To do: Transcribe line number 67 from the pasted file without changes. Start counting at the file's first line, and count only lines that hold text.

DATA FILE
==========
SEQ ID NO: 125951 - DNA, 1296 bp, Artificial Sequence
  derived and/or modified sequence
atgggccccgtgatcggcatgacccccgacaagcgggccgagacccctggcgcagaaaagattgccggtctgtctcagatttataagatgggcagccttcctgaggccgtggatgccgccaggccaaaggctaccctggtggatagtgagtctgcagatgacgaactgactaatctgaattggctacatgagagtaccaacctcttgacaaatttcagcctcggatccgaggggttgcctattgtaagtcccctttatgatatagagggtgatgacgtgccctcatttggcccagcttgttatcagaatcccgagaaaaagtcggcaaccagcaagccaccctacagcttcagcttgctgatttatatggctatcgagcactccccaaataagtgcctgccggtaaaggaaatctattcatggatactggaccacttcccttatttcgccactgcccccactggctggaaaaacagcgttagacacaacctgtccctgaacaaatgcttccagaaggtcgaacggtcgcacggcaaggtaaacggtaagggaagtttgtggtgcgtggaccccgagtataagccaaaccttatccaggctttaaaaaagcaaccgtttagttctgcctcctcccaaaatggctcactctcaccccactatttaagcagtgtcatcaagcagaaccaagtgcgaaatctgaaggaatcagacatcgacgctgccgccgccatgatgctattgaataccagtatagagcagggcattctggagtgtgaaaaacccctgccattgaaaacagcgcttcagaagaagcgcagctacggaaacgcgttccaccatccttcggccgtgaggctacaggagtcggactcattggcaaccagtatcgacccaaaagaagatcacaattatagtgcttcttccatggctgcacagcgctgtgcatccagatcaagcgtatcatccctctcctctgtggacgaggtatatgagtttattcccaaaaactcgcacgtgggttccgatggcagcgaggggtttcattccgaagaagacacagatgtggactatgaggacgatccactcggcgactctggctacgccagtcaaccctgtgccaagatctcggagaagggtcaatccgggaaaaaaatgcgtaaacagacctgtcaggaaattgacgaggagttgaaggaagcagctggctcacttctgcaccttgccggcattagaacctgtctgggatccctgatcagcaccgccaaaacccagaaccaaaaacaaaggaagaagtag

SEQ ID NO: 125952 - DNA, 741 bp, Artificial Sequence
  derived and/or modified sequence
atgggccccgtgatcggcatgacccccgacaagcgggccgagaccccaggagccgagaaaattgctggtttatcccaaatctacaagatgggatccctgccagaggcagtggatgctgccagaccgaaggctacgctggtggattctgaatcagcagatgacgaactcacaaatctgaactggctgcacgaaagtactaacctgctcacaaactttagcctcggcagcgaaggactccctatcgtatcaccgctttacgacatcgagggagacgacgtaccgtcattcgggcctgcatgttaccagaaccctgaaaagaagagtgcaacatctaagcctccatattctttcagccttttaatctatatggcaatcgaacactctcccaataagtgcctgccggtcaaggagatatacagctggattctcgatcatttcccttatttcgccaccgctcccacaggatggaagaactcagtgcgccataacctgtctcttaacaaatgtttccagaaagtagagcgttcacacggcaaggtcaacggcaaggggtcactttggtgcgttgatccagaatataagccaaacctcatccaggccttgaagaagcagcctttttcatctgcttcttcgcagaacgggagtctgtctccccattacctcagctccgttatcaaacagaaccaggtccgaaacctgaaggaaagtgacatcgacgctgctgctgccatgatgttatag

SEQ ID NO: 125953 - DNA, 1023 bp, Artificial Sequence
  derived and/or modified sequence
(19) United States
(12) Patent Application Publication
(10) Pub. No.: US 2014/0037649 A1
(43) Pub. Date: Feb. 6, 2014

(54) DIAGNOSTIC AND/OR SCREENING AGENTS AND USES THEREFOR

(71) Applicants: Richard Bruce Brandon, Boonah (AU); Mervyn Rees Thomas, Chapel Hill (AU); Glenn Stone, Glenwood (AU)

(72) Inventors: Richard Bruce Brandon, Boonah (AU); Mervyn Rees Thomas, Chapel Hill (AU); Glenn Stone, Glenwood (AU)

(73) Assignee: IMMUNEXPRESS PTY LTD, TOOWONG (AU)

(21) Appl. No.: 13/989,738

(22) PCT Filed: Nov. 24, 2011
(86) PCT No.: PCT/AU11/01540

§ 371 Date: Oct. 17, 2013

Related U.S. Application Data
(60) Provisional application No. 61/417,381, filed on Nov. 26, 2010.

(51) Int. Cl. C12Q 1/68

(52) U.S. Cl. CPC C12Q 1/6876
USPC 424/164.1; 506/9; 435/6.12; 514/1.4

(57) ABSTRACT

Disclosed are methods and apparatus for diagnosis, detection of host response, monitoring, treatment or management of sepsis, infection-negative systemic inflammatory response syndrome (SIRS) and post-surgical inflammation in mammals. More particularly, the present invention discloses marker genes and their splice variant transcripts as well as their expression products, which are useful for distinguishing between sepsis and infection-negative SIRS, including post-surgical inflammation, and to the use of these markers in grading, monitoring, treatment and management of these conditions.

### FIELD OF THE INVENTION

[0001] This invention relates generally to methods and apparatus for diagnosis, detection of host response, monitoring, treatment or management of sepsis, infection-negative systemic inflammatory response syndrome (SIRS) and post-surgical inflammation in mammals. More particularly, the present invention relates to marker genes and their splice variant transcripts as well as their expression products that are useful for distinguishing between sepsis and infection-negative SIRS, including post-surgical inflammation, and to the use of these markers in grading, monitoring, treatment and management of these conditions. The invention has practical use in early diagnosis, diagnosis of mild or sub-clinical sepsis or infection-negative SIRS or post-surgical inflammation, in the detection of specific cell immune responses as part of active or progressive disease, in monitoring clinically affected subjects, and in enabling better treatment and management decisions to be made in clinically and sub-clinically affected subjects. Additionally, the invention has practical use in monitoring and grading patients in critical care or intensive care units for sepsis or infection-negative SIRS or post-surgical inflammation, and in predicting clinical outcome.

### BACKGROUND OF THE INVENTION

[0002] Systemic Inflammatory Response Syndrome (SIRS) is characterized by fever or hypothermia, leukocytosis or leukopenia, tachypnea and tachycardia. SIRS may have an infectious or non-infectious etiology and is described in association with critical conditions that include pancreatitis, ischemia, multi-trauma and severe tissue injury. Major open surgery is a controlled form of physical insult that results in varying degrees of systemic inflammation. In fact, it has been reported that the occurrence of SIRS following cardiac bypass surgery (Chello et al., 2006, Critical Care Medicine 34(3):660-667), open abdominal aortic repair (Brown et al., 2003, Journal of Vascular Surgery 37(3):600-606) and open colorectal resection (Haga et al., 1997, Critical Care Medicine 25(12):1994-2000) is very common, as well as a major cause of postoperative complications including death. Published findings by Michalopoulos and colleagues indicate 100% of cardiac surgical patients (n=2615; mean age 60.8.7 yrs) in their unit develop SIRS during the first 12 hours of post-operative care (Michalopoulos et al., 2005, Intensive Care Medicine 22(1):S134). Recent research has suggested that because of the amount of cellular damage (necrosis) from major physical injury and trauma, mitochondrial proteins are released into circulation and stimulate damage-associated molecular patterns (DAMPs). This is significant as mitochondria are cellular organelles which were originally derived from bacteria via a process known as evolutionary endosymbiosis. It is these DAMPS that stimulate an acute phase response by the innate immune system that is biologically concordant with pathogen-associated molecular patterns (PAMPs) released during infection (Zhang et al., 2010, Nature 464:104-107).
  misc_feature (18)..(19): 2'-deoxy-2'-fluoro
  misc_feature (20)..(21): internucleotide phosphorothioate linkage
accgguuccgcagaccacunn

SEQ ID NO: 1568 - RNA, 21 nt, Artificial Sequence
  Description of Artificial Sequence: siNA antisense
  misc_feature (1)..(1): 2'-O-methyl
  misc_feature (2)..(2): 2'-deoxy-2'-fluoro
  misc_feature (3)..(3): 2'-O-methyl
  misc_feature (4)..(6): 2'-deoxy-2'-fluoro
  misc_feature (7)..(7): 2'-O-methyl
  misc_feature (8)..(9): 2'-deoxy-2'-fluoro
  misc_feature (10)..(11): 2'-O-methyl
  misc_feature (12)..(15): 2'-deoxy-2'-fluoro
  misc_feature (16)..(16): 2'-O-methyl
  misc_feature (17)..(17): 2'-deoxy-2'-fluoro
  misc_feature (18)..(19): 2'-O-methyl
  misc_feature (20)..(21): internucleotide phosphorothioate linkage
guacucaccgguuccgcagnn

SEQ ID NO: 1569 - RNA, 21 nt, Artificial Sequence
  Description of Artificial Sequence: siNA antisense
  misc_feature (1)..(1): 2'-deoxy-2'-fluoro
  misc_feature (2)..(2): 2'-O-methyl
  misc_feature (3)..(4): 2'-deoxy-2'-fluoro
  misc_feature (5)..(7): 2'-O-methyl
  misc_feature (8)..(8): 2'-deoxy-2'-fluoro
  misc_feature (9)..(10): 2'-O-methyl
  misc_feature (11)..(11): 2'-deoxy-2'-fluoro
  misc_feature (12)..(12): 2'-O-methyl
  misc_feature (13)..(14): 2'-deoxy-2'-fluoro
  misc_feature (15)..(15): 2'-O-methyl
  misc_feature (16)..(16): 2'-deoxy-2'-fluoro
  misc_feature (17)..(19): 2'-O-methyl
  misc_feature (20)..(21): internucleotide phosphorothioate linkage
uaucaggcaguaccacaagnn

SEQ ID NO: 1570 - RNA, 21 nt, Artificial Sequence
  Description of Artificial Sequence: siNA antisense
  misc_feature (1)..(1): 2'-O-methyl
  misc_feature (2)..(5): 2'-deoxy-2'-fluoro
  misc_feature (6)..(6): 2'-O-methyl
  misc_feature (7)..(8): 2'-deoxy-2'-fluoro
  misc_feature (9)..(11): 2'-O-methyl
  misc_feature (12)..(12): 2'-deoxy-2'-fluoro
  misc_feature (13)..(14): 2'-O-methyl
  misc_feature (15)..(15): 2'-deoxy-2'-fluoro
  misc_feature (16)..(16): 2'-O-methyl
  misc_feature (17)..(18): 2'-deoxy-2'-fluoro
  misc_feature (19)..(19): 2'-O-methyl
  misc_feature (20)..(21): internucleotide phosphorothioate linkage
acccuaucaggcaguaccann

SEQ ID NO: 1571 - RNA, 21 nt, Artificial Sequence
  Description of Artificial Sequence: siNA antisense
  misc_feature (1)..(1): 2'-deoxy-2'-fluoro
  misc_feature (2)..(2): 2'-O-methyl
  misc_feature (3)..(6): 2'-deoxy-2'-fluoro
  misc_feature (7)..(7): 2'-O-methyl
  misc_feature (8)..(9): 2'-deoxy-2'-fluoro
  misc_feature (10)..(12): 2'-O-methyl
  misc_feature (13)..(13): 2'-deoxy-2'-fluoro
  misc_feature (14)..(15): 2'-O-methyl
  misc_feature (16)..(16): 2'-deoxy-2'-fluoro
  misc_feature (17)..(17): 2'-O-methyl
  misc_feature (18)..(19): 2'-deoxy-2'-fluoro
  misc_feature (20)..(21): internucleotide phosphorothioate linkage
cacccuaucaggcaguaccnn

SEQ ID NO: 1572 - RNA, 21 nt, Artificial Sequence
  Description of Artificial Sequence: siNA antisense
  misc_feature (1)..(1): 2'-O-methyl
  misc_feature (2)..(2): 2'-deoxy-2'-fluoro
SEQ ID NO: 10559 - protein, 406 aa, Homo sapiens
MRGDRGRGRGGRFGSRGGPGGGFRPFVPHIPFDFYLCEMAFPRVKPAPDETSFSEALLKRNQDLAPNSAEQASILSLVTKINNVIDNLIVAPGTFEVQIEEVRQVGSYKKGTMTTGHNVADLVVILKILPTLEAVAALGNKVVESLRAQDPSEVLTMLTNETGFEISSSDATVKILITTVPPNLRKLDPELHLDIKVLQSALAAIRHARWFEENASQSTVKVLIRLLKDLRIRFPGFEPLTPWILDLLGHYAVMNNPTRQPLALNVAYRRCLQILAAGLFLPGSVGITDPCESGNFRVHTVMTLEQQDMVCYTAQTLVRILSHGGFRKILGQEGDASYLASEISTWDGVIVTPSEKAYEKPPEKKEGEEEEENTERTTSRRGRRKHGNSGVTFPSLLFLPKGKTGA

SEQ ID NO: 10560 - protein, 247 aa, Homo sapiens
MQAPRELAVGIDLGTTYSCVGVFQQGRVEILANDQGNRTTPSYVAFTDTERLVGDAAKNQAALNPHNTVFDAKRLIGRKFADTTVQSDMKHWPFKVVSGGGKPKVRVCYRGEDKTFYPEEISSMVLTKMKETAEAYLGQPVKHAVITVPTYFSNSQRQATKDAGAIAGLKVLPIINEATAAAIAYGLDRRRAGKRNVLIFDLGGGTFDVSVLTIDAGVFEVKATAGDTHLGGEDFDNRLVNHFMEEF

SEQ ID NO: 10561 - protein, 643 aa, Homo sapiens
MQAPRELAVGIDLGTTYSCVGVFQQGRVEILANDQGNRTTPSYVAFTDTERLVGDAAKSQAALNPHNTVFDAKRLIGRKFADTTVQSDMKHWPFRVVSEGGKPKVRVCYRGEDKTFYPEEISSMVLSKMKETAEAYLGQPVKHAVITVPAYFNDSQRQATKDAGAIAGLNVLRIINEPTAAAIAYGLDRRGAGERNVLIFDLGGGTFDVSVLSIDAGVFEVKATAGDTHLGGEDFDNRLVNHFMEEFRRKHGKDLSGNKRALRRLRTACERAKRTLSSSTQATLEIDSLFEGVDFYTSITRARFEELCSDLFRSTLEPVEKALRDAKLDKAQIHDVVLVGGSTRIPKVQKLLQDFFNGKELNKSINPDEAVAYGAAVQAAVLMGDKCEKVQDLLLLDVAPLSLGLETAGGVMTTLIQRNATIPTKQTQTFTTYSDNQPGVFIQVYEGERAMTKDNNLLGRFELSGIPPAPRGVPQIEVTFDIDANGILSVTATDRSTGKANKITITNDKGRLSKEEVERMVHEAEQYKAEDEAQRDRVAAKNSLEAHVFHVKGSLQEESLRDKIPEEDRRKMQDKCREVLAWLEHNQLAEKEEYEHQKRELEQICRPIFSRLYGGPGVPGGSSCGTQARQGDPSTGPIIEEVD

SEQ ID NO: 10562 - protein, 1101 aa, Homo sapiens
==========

  Description of Artificial Sequence: siNA antisense